I’d say I do a semi-decent job of keeping up with new music, but it’s rare these days that I get really into something that just came out. Part of it is probably that today’s indie zeitgeist is just generally alienating to me. I’ve always taken to heart Leonard Bernstein’s description in Inside Pop: The Rock Revolution of how pop music’s “grasping at the unattainable” is part of what makes it compelling, but poptimist tropes in lo-fi bedroom music usually sound more try-hard-y than ambitious. And as someone who grew up in Long Island in the 2000s, my revulsion towards anything emo or pop-punk — however diluted or “adjacent” — runs pretty deep.
I know I’m in the minority at this point. Where the Meet Me in the Bathroom era was about priding yourself on being into cool stuff amid the most cynically shitty and stupid commercial music ever made, now it’s edgier to embrace nu-metal. I can appreciate something like hyper pop for being a legitimately progressive form of music, and its Anything Goes approach to genre is inspiring. But the way it revels in the absolute worst strains of pop music can be tough to get past. I love the song structures and textures; I wince at the ska and the autotune.
And I think that’s why the Garden’s most recent album, HORSESHIT ON ROUTE 66, connected with me like it did. Aesthetically, they’re just as absurdist: a twin brother duo dressing up as court jesters with Juggaloian makeup. But their own even-handed approach to mixing disparate styles (which they call “Vada Vada”) isn’t marred by irony poisoning. The bedrock of their sound is punk, instead of, say, crunkcore or something. And it’s still funny — I always smirk at the line, “peeking out my window, see a hearse doing donuts” in “What Else Could I Be But a Jester,” but that the song sounds like a mix of Aphex Twin, industrial noise, and rap is what really excites me. Similarly, there’s comedic timing in how the main riff comes back in at the end of the title track. It strikes that same balance early Ariel Pink does, where songs turn on a dime in a way that’s goofily jarring, yet impressively difficult.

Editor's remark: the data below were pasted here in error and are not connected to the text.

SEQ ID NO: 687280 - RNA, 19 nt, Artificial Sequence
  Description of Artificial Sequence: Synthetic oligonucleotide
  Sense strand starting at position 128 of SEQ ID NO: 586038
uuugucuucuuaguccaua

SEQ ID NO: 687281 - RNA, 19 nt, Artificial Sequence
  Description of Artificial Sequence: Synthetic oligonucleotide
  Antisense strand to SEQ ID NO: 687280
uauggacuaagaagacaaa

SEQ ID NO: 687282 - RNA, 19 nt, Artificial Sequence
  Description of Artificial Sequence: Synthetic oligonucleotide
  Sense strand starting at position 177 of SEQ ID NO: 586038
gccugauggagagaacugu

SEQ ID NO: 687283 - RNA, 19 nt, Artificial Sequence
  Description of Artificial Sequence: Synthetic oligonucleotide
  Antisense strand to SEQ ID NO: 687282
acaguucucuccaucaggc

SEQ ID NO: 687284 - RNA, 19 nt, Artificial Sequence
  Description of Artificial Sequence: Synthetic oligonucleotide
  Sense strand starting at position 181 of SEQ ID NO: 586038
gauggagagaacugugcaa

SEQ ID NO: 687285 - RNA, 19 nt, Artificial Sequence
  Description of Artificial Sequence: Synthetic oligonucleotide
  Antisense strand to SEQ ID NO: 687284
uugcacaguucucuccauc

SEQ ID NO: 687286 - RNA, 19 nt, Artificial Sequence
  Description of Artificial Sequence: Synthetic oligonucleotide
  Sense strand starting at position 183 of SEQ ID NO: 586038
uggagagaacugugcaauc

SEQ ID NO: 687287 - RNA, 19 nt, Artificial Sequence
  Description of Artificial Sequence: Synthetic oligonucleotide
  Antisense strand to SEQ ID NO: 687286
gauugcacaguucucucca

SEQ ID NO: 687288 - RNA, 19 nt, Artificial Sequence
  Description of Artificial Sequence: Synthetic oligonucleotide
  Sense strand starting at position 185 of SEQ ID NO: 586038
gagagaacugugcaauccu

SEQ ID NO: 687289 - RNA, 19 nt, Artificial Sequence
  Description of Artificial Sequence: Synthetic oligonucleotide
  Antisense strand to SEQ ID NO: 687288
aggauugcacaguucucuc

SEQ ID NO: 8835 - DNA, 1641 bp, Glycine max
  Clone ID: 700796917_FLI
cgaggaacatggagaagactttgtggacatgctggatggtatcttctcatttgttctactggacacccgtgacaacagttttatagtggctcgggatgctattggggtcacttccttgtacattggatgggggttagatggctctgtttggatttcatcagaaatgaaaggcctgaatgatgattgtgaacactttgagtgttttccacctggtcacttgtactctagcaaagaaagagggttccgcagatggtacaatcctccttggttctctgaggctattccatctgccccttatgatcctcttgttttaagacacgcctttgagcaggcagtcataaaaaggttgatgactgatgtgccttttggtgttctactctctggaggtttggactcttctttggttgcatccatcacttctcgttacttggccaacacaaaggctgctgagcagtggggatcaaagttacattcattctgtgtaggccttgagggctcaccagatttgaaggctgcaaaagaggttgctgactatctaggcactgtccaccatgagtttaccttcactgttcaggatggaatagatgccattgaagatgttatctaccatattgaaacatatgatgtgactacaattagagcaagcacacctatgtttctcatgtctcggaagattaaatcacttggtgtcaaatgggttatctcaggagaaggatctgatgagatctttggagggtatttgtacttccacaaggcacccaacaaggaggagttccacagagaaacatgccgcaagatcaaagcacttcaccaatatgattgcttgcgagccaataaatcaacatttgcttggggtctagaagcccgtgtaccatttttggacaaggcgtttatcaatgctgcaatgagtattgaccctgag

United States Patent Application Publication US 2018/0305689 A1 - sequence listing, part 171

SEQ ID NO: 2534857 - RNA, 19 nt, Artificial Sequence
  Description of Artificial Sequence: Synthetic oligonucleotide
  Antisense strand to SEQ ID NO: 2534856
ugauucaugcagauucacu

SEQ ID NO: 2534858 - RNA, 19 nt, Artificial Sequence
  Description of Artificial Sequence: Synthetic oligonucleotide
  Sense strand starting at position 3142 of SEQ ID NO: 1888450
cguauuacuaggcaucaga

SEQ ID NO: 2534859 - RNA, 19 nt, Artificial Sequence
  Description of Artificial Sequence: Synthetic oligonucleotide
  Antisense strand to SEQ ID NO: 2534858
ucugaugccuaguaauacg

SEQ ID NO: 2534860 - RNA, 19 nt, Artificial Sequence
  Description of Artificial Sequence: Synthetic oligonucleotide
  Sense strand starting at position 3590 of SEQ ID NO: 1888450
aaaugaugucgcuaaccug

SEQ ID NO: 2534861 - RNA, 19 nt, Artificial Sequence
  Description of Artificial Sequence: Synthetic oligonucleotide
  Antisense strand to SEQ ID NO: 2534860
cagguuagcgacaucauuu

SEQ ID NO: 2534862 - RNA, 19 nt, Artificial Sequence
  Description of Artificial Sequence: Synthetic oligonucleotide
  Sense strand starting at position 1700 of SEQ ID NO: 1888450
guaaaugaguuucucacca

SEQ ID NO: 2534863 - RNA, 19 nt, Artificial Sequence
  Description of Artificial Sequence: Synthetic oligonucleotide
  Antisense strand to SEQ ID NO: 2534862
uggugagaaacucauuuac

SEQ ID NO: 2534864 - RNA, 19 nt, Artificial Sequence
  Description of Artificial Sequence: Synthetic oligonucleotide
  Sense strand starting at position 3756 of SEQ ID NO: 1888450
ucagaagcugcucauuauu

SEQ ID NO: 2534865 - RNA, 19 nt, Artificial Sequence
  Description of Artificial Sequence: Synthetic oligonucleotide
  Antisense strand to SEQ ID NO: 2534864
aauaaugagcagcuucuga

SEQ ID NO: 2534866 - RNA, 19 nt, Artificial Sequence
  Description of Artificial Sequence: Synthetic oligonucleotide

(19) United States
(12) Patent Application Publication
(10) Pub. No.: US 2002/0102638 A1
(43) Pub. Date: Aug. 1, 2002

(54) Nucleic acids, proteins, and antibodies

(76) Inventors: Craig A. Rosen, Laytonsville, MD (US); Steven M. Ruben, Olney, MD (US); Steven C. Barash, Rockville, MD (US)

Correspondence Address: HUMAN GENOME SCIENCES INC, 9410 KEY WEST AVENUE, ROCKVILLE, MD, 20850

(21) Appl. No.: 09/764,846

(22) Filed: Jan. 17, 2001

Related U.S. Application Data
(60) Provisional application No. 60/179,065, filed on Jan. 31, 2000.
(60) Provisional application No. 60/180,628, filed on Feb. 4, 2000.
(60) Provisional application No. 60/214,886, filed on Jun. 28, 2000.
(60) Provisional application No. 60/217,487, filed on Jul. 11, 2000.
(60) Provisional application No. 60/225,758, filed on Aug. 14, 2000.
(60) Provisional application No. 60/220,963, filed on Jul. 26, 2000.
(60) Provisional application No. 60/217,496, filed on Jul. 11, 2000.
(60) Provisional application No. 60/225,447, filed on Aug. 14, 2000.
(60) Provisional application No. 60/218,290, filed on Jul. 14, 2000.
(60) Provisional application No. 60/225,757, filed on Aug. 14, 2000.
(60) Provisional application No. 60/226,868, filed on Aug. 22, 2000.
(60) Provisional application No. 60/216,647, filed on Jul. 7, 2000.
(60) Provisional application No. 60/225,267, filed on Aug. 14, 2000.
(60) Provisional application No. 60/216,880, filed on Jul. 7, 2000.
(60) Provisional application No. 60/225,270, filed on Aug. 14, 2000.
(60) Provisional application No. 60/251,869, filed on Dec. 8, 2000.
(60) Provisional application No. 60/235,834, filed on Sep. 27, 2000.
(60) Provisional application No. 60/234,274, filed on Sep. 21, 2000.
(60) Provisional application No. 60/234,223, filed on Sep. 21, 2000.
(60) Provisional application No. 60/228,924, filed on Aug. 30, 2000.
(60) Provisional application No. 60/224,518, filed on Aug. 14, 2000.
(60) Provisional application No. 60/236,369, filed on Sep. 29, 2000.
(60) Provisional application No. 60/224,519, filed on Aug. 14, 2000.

It’s increasingly in vogue to make short albums, another trend I’m not huge on. Obviously listener attention spans are the worst they’ve ever been, but most sub-30 minute albums feel lightweight and pandering, and when they’re achieved with fewer songs instead of shorter ones, it’s downright lazy. However, HORSESHIT manages to do everything a great album should in less than 25 minutes. It boasts three great singles in “Freight Yard,” “Orange County Punk Rock Legend,” and “Chainsaw the Door.” “Freight Yard” is the Garden at their most streamlined. Where breakbeats are peppered throughout the album as playful detours, the band uses one here as the song’s foundation, and the singsongy melody and verse-chorus structure make it a pretty obvious entry point. “Orange County Punk Rock Legend” has an indelible acoustic guitar part that’s almost flamenco pop. And “Chainsaw” is the Garden doing the Strokes. I think the song’s refrain (“When I see that closed door/I’m gonna chainsaw through it”) is genuinely moving, and where they’ve sequenced it in the tracklisting makes it hit with the same heft “Hard to Explain” does on Is This It.
The album’s also got a cohesive atmosphere despite featuring songs that dabble in everything from drum and bass to no wave. A part of that is the cackling Scooby-Doo ghost samples, which feature in the first two songs, “Haunted House on Zillow” and “OC93,” as well as the last two, “Squished Face Slick Pig Living in a Smokey City” and “At the Campfire.” There’s a synergy between the samples and the cover art that conjures spooky moods and imagery. I played the whole thing multiple times a day, start to finish, around Halloween.
But almost as cool as the album itself is the fact that, in the interviews I’ve seen and read, as well as their surprisingly muted social media presence, the Garden just seem to be About the Music. When a friend first described them to me as twin male models who make “an insane mix of punk, indie rock and rap,” I figured it would be pretty obnoxious. And as audacious as the music is, it’s too earnest to be off-putting. The proof is in a vast back catalog I’ve been enjoying working my way through. HORSESHIT is still my favorite, but there’s great stuff throughout, and the unpretentious way they go about making music so adventurous leads me to think there’s plenty more where that came from.
(Photo Credit: left, Kenny Ramos)